Anyone who knows me (or follows me on Instagram or Facebook!) will know how much I love my feathered garden visitors – and I know from chatting to lots of people that I’m not alone in this – so you can imagine how horrified I was to learn recently that we could be helping to cause the deaths of millions of these tiny creatures every time we do a grocery shop.

Most of us use olive oil pretty often – but unless you’re a connoisseur or a real foodie, you might not give much thought to how the olives are harvested and what harm that could do. I certainly didn’t, until I discovered that many producers use powerful machines to suck the olives from the trees at night. The cooler night time temperatures preserve the olives’ flavours – but the trees are used for night time shelter by birds on their migratory journeys to and from North Africa.

The harvesting season is from October to January, which coincides with the bird’s winter migration, so sleeping birds who think they have found a safe place among the olive branches are sucked to their deaths. They include our beloved robins, goldfinches, greenfinches, warblers and wagtails – who we welcome into our gardens with food and water and who ‘take care’ of so many of our garden pests, as well as gladdening the heart with their glorious song. The carnage is unnecessary – olives can be harvested by hand as well as during daylight hours, and if this makes a bottle of olive oil a little more expensive, I think it’s a price well worth paying and I know many of you will too. Who remembers the Waitrose Christmas television advert that showed a robin braving all sorts of dangers to travel back to it’s ‘own’ garden to share a mince pie with a companion? Those canny folks who make the Waitrose (and John Lewis) ads know their audience well – whose heartstrings wouldn’t respond to that?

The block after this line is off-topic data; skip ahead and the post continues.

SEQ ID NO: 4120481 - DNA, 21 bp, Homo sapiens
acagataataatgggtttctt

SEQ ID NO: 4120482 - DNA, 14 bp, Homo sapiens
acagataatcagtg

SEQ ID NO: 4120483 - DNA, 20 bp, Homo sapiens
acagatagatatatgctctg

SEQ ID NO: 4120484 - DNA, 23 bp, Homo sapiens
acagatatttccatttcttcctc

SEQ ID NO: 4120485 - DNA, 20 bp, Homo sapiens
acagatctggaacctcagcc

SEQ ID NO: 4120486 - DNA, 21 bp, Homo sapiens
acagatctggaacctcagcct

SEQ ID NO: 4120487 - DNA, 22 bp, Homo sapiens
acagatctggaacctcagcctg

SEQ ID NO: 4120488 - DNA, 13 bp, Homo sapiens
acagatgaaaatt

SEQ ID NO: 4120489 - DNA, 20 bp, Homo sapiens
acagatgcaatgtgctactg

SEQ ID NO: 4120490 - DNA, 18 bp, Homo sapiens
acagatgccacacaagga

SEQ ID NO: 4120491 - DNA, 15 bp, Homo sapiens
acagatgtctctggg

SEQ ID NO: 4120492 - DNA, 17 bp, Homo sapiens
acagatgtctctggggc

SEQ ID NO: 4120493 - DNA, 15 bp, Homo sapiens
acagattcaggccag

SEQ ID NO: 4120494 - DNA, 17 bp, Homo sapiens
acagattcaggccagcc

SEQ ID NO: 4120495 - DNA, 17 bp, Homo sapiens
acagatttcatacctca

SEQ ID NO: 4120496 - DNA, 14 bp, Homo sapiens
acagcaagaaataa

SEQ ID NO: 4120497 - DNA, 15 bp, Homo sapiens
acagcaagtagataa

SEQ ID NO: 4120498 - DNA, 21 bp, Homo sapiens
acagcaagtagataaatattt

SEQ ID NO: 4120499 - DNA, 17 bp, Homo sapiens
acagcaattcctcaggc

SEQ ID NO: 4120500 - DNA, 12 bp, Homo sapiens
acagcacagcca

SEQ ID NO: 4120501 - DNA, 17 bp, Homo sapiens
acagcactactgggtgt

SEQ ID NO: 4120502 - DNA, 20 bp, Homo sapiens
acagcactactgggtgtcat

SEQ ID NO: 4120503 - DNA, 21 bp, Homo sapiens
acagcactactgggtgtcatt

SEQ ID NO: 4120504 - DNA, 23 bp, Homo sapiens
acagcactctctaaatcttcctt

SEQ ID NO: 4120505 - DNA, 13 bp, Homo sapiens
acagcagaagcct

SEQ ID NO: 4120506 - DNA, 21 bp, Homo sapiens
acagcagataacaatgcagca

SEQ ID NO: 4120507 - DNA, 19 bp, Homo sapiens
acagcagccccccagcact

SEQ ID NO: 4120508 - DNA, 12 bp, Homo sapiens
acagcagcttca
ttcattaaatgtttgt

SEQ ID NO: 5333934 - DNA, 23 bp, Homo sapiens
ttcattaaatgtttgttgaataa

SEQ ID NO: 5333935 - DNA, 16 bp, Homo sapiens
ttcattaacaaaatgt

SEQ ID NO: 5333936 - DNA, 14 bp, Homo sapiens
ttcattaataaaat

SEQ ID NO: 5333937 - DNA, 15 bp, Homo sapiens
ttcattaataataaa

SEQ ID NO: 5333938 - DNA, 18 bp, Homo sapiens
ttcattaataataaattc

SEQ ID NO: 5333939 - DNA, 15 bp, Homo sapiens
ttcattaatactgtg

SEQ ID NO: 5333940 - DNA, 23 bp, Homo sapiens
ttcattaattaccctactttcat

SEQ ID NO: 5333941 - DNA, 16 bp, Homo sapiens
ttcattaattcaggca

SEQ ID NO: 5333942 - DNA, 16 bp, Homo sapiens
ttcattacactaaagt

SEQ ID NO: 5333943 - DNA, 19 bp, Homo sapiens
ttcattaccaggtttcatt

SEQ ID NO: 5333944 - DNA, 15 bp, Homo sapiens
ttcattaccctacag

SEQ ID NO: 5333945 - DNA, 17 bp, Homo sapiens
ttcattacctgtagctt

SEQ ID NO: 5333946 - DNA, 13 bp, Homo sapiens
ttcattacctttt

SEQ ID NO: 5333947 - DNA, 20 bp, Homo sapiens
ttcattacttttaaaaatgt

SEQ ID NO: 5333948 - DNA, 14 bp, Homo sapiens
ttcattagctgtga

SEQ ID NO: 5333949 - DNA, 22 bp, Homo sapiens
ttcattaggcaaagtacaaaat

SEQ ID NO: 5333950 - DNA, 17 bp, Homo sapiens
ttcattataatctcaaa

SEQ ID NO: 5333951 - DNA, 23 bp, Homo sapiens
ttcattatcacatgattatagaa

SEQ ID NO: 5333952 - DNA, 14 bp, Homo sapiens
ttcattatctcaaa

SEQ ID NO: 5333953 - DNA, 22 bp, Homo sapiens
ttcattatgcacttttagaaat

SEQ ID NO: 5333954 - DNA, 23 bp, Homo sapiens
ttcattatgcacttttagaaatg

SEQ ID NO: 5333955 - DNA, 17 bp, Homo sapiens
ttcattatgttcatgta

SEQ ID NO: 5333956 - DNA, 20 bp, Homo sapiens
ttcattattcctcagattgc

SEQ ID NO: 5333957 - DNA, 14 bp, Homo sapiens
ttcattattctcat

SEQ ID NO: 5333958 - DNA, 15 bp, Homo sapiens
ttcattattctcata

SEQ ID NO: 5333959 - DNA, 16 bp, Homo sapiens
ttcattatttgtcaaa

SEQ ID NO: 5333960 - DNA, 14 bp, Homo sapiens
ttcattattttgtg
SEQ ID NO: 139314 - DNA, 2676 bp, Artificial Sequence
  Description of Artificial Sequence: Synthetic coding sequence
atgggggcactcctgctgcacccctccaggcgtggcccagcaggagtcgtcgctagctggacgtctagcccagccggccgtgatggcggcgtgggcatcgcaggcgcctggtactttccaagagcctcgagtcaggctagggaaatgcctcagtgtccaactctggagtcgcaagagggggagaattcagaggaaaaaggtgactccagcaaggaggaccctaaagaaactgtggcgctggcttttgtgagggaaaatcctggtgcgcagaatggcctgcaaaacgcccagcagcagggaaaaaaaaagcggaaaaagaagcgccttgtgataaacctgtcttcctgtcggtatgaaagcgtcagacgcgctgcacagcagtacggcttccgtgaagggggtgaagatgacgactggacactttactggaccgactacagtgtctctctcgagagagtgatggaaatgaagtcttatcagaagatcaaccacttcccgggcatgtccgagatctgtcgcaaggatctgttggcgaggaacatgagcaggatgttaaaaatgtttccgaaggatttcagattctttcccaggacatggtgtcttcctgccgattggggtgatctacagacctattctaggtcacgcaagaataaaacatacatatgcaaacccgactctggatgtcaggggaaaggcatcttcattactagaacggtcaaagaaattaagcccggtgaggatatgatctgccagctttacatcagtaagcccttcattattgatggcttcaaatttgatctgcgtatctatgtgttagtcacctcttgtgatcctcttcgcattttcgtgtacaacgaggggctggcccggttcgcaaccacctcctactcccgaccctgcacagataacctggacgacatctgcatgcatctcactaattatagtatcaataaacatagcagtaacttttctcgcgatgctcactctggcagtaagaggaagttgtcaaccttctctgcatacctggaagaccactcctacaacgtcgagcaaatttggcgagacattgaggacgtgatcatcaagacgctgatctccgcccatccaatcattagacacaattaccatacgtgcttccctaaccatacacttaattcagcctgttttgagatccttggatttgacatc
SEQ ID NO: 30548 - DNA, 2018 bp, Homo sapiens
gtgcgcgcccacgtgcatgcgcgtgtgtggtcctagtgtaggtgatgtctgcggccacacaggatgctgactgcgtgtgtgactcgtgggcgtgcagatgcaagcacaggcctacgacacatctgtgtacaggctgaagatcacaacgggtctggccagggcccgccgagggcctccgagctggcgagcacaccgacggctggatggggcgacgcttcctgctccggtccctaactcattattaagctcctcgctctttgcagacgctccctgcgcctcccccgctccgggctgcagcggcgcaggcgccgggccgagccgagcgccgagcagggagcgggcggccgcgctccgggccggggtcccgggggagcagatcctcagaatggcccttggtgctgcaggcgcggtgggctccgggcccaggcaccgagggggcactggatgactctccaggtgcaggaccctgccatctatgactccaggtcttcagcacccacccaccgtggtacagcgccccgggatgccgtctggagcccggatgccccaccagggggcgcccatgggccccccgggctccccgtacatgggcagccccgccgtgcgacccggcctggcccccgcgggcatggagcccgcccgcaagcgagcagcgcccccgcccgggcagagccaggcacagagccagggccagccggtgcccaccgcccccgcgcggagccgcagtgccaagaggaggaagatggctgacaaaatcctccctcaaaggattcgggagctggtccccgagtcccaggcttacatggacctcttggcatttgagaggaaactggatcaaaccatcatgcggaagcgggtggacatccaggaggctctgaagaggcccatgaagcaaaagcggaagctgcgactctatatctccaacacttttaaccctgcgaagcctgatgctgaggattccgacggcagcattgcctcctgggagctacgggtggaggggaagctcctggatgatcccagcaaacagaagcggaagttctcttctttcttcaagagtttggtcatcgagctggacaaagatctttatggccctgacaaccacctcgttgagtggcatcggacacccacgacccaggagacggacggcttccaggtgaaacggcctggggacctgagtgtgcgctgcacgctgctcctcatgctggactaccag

So how can we know which olive producers are not killing our birds? Google ‘olive harvesting and bird deaths’, and you’ll find a list on the Ethical Consumer website of brands with a bird-friendly guarantee.

Here is the link in case you have any trouble finding it: https://www.ethicalconsumer.org/food-drink/olive-harvesting-bird-deaths.

As awareness of this issue grows, that list should too, but for now, it can help us cook and drizzle away in the knowledge that we’re not contributing to the destruction.

With that in mind I’ll be taking extra care of my own garden birds this winter. It’s always a good idea to be consistent with leaving out food as once birds discover it in your garden, they will return there in the hope of finding it again- often using up precious energy on freezing cold days. The thought of them doing that to find an empty feeder makes me want to cry, so I’ll be keeping mine topped up and looking for a flat table-type feeder too, for those – such as robins – who are ground feeders and find that easier.

By the way, although I can’t stand the things myself, mince pies are actually really good for birds in winter. Amongst other things, the fat in the pastry is apparently a really good source of energy for them in cold weather. Let’s hope as many of them as possible make it through the winter – and remember, you can help make that happen every time you head to the supermarket.